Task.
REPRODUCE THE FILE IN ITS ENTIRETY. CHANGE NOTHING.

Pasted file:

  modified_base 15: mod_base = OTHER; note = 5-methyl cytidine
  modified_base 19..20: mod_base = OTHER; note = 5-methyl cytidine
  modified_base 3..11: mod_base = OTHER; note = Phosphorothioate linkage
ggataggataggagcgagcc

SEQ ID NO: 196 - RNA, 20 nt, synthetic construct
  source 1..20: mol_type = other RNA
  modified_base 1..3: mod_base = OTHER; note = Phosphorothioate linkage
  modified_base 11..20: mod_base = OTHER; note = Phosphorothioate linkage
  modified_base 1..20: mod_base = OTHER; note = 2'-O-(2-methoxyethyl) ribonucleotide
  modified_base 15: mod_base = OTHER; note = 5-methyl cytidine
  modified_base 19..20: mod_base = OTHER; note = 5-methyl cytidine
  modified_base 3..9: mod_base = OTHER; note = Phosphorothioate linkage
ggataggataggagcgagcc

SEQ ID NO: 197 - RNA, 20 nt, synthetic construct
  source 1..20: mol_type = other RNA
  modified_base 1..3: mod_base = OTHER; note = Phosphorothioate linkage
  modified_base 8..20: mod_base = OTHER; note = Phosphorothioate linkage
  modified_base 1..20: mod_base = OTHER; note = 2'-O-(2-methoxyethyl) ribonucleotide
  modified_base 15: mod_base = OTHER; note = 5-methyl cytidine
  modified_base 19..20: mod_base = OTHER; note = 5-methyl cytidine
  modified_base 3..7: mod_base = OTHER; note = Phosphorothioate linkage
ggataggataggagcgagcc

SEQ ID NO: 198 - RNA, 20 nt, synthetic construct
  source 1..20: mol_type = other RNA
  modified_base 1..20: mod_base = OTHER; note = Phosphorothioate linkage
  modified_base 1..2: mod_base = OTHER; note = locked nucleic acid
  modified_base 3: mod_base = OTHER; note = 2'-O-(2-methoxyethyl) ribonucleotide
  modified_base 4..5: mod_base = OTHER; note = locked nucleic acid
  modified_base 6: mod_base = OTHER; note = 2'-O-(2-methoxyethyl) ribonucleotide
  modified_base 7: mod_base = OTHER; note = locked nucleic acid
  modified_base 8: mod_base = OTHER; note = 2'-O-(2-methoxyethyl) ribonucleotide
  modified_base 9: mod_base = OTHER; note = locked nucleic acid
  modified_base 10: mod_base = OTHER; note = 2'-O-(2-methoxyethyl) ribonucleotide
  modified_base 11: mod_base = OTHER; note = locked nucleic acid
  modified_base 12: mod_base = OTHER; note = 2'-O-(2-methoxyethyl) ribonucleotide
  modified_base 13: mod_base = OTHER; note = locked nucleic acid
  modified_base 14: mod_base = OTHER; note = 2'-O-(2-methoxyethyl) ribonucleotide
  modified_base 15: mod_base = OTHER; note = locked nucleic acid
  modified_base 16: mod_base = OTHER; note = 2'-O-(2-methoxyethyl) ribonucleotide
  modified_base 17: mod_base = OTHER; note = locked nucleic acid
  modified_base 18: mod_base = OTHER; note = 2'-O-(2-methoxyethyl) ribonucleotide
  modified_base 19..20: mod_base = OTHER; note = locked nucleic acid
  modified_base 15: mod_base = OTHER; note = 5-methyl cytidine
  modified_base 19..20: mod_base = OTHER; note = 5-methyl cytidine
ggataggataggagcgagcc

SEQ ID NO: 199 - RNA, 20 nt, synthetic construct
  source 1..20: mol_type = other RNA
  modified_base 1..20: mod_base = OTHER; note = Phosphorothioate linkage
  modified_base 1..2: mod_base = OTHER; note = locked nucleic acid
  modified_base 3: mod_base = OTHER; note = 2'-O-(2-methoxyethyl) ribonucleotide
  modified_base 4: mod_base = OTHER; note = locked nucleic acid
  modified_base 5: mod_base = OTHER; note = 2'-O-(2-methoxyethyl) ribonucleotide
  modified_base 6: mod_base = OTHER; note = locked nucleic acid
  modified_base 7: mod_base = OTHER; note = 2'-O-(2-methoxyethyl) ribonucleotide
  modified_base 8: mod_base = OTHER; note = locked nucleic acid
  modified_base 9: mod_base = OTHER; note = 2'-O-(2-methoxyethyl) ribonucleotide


  modified_base 15: mod_base = OTHER; note = 5-methyl cytidine
  modified_base 19..20: mod_base = OTHER; note = 5-methyl cytidine
  modified_base 3..11: mod_base = OTHER; note = Phosphorothioate linkage
ggataggataggagcgagcc

SEQ ID NO: 196 - RNA, 20 nt, synthetic construct
  source 1..20: mol_type = other RNA
  modified_base 1..3: mod_base = OTHER; note = Phosphorothioate linkage
  modified_base 11..20: mod_base = OTHER; note = Phosphorothioate linkage
  modified_base 1..20: mod_base = OTHER; note = 2'-O-(2-methoxyethyl) ribonucleotide
  modified_base 15: mod_base = OTHER; note = 5-methyl cytidine
  modified_base 19..20: mod_base = OTHER; note = 5-methyl cytidine
  modified_base 3..9: mod_base = OTHER; note = Phosphorothioate linkage
ggataggataggagcgagcc

SEQ ID NO: 197 - RNA, 20 nt, synthetic construct
  source 1..20: mol_type = other RNA
  modified_base 1..3: mod_base = OTHER; note = Phosphorothioate linkage
  modified_base 8..20: mod_base = OTHER; note = Phosphorothioate linkage
  modified_base 1..20: mod_base = OTHER; note = 2'-O-(2-methoxyethyl) ribonucleotide
  modified_base 15: mod_base = OTHER; note = 5-methyl cytidine
  modified_base 19..20: mod_base = OTHER; note = 5-methyl cytidine
  modified_base 3..7: mod_base = OTHER; note = Phosphorothioate linkage
ggataggataggagcgagcc

SEQ ID NO: 198 - RNA, 20 nt, synthetic construct
  source 1..20: mol_type = other RNA
  modified_base 1..20: mod_base = OTHER; note = Phosphorothioate linkage
  modified_base 1..2: mod_base = OTHER; note = locked nucleic acid
  modified_base 3: mod_base = OTHER; note = 2'-O-(2-methoxyethyl) ribonucleotide
  modified_base 4..5: mod_base = OTHER; note = locked nucleic acid
  modified_base 6: mod_base = OTHER; note = 2'-O-(2-methoxyethyl) ribonucleotide
  modified_base 7: mod_base = OTHER; note = locked nucleic acid
  modified_base 8: mod_base = OTHER; note = 2'-O-(2-methoxyethyl) ribonucleotide
  modified_base 9: mod_base = OTHER; note = locked nucleic acid
  modified_base 10: mod_base = OTHER; note = 2'-O-(2-methoxyethyl) ribonucleotide
  modified_base 11: mod_base = OTHER; note = locked nucleic acid
  modified_base 12: mod_base = OTHER; note = 2'-O-(2-methoxyethyl) ribonucleotide
  modified_base 13: mod_base = OTHER; note = locked nucleic acid
  modified_base 14: mod_base = OTHER; note = 2'-O-(2-methoxyethyl) ribonucleotide
  modified_base 15: mod_base = OTHER; note = locked nucleic acid
  modified_base 16: mod_base = OTHER; note = 2'-O-(2-methoxyethyl) ribonucleotide
  modified_base 17: mod_base = OTHER; note = locked nucleic acid
  modified_base 18: mod_base = OTHER; note = 2'-O-(2-methoxyethyl) ribonucleotide
  modified_base 19..20: mod_base = OTHER; note = locked nucleic acid
  modified_base 15: mod_base = OTHER; note = 5-methyl cytidine
  modified_base 19..20: mod_base = OTHER; note = 5-methyl cytidine
ggataggataggagcgagcc

SEQ ID NO: 199 - RNA, 20 nt, synthetic construct
  source 1..20: mol_type = other RNA
  modified_base 1..20: mod_base = OTHER; note = Phosphorothioate linkage
  modified_base 1..2: mod_base = OTHER; note = locked nucleic acid
  modified_base 3: mod_base = OTHER; note = 2'-O-(2-methoxyethyl) ribonucleotide
  modified_base 4: mod_base = OTHER; note = locked nucleic acid
  modified_base 5: mod_base = OTHER; note = 2'-O-(2-methoxyethyl) ribonucleotide
  modified_base 6: mod_base = OTHER; note = locked nucleic acid
  modified_base 7: mod_base = OTHER; note = 2'-O-(2-methoxyethyl) ribonucleotide
  modified_base 8: mod_base = OTHER; note = locked nucleic acid
  modified_base 9: mod_base = OTHER; note = 2'-O-(2-methoxyethyl) ribonucleotide